Each week, we shine the spotlight on one of our online coaching clients. The simple idea of making ourselves stronger through training brings together people of all different backgrounds and for all different purposes. In sharing our clients’ experiences we hope to share part of what makes our online community of lifters unique.

Jim

Jim taking 565 for a ride.

Jim hails from the big apple, but is more of a big nacho kind of guy. He’s been lifting for 22 years!! He trains in a public gym, which can be a real drag in NY, but he’s brought his own Texas Bow Bar there – strong move for a strong man, Jim has a 565 squat, 450 bench, and 605 deadlift. Daaaaaang. Read on for some serious wisdom, like, “This might sound harsh, but definitely don’t pay any attention to the weak, dis-empowering mindset that (in my experience) most others tend to adopt and project. You will consistently surprise yourself with how much you’re capable of if you just put in the work.”

What do your parents or spouse call you when you are in trouble?

Wreck-it Ralph

What is your occupation?

Management Consultant

Who is your SSOC Coach?

Michael Wolf

What is something your coach has had to tell you a million and one times?

Hmmm. Well, I suppose this changes every 6 months as I tend to fix one issue and another one might creep up. Recently it has been that my squeeze up on deficit deads is far better than my squeeze up on regular deads, so trying to apply the same level of focus that I demonstrate on deficits on regular deads is a recurring theme recently.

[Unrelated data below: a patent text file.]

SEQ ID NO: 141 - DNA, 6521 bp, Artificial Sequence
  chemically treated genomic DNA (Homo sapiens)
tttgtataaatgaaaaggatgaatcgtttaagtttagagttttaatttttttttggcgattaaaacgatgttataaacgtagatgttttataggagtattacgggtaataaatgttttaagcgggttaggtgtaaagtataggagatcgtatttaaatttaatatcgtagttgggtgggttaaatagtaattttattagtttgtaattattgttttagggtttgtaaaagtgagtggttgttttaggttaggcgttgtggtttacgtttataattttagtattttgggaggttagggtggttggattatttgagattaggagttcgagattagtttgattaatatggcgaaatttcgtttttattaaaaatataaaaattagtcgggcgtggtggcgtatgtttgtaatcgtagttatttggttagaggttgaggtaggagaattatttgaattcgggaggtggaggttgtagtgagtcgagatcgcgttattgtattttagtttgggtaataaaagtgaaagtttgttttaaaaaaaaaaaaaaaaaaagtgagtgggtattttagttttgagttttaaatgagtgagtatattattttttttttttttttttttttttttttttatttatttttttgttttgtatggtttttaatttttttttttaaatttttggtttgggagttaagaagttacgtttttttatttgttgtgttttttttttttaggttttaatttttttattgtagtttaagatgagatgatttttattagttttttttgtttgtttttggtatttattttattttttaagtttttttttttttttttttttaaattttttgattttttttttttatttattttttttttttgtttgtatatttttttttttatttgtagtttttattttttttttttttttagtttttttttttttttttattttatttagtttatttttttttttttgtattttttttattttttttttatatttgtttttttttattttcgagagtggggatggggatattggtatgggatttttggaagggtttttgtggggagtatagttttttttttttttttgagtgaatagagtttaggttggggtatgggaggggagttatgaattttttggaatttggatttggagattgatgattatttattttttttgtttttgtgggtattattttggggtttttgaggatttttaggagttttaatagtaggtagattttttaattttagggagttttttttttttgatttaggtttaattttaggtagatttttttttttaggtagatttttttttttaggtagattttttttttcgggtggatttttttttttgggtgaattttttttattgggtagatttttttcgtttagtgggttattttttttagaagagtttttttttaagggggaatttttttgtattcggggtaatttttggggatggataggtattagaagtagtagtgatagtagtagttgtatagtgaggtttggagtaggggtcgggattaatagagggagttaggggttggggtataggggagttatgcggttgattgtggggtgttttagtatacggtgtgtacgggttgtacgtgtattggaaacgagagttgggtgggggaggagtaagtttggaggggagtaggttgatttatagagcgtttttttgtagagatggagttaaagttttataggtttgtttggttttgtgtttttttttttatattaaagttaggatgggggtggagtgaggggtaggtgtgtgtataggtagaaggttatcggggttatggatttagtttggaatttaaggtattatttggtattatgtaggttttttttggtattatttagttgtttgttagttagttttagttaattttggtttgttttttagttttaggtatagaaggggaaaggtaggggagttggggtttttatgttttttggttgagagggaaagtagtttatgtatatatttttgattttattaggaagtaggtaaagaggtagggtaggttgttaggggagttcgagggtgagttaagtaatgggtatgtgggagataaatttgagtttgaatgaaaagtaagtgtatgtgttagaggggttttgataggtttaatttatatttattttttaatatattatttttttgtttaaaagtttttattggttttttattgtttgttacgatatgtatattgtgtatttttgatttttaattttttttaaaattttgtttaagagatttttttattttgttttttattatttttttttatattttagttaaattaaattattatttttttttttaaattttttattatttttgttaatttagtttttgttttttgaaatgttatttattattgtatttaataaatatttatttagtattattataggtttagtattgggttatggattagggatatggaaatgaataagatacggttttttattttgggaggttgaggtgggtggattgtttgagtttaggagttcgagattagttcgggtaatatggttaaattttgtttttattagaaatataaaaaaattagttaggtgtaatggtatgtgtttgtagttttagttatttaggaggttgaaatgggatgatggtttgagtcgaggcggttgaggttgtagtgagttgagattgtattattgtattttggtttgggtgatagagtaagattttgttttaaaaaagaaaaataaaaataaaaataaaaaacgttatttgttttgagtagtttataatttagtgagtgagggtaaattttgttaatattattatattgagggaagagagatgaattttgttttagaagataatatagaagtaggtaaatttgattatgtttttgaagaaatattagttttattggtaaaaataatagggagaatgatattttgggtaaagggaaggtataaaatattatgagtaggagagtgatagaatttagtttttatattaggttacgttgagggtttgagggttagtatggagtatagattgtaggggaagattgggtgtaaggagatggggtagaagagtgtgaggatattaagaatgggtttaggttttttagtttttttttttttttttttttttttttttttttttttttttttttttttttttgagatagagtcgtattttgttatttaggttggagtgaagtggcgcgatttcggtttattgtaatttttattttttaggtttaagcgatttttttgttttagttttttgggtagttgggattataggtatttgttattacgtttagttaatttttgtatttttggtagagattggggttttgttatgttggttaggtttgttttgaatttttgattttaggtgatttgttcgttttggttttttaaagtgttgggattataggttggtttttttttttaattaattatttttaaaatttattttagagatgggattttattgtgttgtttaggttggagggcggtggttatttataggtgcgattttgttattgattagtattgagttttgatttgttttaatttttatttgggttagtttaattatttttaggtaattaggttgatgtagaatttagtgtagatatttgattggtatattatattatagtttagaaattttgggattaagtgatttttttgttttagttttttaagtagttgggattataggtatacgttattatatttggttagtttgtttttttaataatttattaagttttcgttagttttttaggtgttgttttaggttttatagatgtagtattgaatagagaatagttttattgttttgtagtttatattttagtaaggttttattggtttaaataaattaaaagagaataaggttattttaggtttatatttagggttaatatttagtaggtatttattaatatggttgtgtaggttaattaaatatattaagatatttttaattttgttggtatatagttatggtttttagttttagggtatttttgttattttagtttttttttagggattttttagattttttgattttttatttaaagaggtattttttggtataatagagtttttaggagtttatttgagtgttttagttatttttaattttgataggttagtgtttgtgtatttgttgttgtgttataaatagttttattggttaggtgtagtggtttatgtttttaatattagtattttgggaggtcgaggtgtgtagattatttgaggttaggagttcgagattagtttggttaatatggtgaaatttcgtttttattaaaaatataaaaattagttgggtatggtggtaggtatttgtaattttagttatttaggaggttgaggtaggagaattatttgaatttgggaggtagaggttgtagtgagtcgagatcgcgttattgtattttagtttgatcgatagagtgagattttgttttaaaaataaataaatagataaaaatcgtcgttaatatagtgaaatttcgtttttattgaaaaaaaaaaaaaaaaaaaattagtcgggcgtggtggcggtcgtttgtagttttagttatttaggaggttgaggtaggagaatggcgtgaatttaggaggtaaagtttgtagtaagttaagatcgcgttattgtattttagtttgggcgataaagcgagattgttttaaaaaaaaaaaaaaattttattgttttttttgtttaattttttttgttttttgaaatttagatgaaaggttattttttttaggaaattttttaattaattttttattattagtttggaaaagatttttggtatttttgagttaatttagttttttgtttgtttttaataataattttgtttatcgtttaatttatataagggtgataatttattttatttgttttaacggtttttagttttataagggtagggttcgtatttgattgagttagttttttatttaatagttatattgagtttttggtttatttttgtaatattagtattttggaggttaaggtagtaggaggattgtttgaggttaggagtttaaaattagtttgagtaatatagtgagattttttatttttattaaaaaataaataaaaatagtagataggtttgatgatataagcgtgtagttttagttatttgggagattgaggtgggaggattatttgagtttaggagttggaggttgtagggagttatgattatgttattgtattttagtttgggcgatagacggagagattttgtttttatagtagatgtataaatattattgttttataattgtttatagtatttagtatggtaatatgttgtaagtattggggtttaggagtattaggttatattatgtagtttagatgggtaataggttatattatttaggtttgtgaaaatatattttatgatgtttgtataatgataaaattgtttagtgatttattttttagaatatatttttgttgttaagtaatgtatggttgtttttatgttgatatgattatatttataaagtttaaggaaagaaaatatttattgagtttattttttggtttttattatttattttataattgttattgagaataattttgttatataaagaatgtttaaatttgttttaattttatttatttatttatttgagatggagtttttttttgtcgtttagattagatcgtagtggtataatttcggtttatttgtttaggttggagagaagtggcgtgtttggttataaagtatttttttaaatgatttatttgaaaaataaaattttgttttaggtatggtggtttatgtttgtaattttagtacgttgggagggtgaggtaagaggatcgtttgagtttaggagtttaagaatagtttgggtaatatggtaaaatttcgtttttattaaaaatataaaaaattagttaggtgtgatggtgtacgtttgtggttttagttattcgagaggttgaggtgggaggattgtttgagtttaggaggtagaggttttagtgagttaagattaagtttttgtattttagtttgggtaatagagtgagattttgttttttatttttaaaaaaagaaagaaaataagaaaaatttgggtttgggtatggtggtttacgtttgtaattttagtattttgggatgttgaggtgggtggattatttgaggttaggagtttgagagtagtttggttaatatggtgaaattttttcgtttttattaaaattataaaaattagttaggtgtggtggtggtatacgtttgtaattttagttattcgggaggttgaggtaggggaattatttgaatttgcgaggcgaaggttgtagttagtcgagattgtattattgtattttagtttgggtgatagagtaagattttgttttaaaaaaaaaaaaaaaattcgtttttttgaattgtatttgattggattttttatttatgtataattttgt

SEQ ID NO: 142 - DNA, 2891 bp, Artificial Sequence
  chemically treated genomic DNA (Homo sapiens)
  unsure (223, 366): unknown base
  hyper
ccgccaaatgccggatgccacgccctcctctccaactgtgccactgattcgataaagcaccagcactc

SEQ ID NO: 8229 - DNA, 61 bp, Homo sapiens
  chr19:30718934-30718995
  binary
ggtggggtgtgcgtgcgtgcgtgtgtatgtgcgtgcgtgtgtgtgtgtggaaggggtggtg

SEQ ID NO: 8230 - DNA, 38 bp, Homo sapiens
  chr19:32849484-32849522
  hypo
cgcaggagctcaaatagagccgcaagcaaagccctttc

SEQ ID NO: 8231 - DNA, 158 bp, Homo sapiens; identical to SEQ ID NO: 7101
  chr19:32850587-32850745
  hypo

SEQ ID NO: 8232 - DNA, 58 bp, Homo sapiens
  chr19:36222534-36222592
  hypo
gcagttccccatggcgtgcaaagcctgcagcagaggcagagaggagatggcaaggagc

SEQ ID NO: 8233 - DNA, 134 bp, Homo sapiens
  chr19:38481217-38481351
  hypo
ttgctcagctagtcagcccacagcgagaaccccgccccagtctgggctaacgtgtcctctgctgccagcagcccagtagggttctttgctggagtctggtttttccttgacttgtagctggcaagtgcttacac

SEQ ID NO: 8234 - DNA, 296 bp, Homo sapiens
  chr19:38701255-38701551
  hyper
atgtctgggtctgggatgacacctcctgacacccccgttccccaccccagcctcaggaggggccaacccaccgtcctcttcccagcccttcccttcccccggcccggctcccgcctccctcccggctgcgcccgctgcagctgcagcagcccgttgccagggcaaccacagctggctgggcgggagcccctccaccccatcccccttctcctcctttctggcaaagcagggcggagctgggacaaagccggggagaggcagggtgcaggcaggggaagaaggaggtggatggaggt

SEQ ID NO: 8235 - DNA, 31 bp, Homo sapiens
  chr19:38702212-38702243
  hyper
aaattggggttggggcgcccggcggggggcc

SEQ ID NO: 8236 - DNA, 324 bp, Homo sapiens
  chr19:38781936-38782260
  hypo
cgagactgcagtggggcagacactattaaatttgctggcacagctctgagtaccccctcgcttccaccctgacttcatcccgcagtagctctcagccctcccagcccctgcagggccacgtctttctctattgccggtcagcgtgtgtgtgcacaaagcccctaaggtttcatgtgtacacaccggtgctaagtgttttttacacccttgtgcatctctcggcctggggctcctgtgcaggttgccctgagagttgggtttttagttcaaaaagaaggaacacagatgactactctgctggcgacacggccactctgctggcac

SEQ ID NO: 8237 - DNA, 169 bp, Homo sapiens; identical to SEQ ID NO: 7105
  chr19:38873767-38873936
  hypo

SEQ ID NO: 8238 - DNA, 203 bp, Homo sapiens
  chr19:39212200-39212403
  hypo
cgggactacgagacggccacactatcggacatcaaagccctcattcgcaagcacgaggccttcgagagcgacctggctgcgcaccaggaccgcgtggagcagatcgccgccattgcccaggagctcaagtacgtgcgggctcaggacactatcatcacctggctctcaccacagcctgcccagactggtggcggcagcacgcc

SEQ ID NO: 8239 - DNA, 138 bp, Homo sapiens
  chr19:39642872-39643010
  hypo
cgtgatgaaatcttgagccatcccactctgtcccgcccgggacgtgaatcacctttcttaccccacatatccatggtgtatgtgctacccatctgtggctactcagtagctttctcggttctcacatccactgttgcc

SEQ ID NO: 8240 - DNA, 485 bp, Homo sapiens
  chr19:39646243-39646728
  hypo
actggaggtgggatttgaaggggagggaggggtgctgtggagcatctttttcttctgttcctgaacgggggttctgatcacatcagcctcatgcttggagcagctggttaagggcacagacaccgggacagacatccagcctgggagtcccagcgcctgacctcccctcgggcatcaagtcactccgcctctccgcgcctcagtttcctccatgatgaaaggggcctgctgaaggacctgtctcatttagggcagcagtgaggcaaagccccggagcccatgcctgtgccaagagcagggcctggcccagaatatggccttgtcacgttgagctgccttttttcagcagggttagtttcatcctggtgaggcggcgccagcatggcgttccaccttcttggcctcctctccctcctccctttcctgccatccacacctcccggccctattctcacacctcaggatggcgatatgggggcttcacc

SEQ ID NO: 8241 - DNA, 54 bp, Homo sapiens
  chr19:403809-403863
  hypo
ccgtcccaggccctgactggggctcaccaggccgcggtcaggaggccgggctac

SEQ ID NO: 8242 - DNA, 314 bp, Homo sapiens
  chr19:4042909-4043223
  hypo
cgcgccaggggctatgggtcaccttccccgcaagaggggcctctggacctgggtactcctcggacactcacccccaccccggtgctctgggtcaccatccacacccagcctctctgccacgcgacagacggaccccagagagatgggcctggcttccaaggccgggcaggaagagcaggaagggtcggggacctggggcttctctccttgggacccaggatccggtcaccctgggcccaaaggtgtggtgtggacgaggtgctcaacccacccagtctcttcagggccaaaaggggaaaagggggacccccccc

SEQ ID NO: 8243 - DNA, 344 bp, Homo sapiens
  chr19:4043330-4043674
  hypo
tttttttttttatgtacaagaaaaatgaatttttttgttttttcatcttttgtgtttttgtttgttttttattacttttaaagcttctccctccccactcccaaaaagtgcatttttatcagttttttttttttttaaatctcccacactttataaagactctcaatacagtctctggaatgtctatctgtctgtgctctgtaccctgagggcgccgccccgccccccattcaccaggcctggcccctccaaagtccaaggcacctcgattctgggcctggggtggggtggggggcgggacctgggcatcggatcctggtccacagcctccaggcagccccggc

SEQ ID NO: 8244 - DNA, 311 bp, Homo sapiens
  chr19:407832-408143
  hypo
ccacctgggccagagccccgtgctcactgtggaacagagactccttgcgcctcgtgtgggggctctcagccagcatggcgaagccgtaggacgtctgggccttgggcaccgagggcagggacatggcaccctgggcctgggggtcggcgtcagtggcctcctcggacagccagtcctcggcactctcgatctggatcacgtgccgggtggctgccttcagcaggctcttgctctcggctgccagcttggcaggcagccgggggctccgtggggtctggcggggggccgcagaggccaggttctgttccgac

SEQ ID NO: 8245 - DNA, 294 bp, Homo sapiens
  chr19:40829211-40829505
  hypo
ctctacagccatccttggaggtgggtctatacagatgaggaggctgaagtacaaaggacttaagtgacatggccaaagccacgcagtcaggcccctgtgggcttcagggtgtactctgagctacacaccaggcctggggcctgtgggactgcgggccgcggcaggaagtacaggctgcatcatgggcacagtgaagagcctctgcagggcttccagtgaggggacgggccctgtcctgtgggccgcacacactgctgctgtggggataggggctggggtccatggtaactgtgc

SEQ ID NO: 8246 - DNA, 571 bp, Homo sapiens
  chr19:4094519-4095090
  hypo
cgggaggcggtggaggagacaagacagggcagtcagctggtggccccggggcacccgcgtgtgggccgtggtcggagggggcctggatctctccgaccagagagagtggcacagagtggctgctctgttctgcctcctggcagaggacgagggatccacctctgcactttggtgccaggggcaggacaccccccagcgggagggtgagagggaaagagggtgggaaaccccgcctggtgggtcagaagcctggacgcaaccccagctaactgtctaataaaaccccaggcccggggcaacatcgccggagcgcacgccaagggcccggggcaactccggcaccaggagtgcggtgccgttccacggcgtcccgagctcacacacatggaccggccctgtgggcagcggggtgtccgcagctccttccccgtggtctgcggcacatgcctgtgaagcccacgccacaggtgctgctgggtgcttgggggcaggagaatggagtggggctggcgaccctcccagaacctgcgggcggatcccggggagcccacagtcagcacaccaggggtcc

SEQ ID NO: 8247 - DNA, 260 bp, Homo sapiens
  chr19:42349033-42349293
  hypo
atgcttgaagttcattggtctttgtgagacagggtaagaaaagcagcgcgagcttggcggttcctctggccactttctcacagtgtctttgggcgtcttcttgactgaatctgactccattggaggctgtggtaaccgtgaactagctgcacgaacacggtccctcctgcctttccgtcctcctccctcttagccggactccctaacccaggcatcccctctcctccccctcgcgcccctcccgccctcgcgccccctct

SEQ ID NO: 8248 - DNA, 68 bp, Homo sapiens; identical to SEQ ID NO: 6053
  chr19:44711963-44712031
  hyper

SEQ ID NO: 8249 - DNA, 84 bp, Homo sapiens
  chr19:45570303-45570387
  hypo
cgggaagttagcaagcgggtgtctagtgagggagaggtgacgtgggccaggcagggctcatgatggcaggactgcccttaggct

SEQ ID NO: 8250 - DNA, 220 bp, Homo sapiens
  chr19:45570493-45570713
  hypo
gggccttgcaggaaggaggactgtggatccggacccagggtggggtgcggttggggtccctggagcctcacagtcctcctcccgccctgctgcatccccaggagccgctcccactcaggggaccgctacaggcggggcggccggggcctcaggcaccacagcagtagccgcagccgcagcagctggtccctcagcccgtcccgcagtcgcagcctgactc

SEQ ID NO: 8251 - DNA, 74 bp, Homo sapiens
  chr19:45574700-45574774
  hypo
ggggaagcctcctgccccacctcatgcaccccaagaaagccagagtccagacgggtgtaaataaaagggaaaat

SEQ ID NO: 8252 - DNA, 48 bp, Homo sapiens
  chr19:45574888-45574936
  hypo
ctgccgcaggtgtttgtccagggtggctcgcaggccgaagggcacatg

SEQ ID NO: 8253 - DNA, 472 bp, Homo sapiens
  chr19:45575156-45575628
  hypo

What is your favorite lift?

Squat

Where do you live?

New York, NY

Gym cat or dog?

Texas Power Bar? I train at a Globo Gym so pets are not allowed but I do have my own barbell there to avoid using the gym’s terrible equipment.

Why did you start lifting?

Preparation for highschool football

What do you love about training?

Everything. The personal challenge, physical and psychological benefits, the structure and routine it provides, the lessons learned that apply outside the gym, the rush you get when doing a new 1 RM or a serious volume workout. Seriously love every part of it.  

What lifting achievement are you most proud of?

Over 22 years I’ve had different focuses at different times, and I feel like I’m proud of many things that I’ve accomplished along the way. Two that stand out are when, in my younger and less-informed years, I got SUPER lean, which although pretty uncomfortable, looked cool and taught me a lot about nutrition. I’m certainly proud of some of my PRs (565 squat, 450 bench, 605 deadlift). That said, overall I’m most proud about my long-term commitment and the enthusiasm I continue to have for lifting through various stages of life when everyone insisted I would stop for various reasons along the way (college partying would interfere, getting a job, getting married, having children).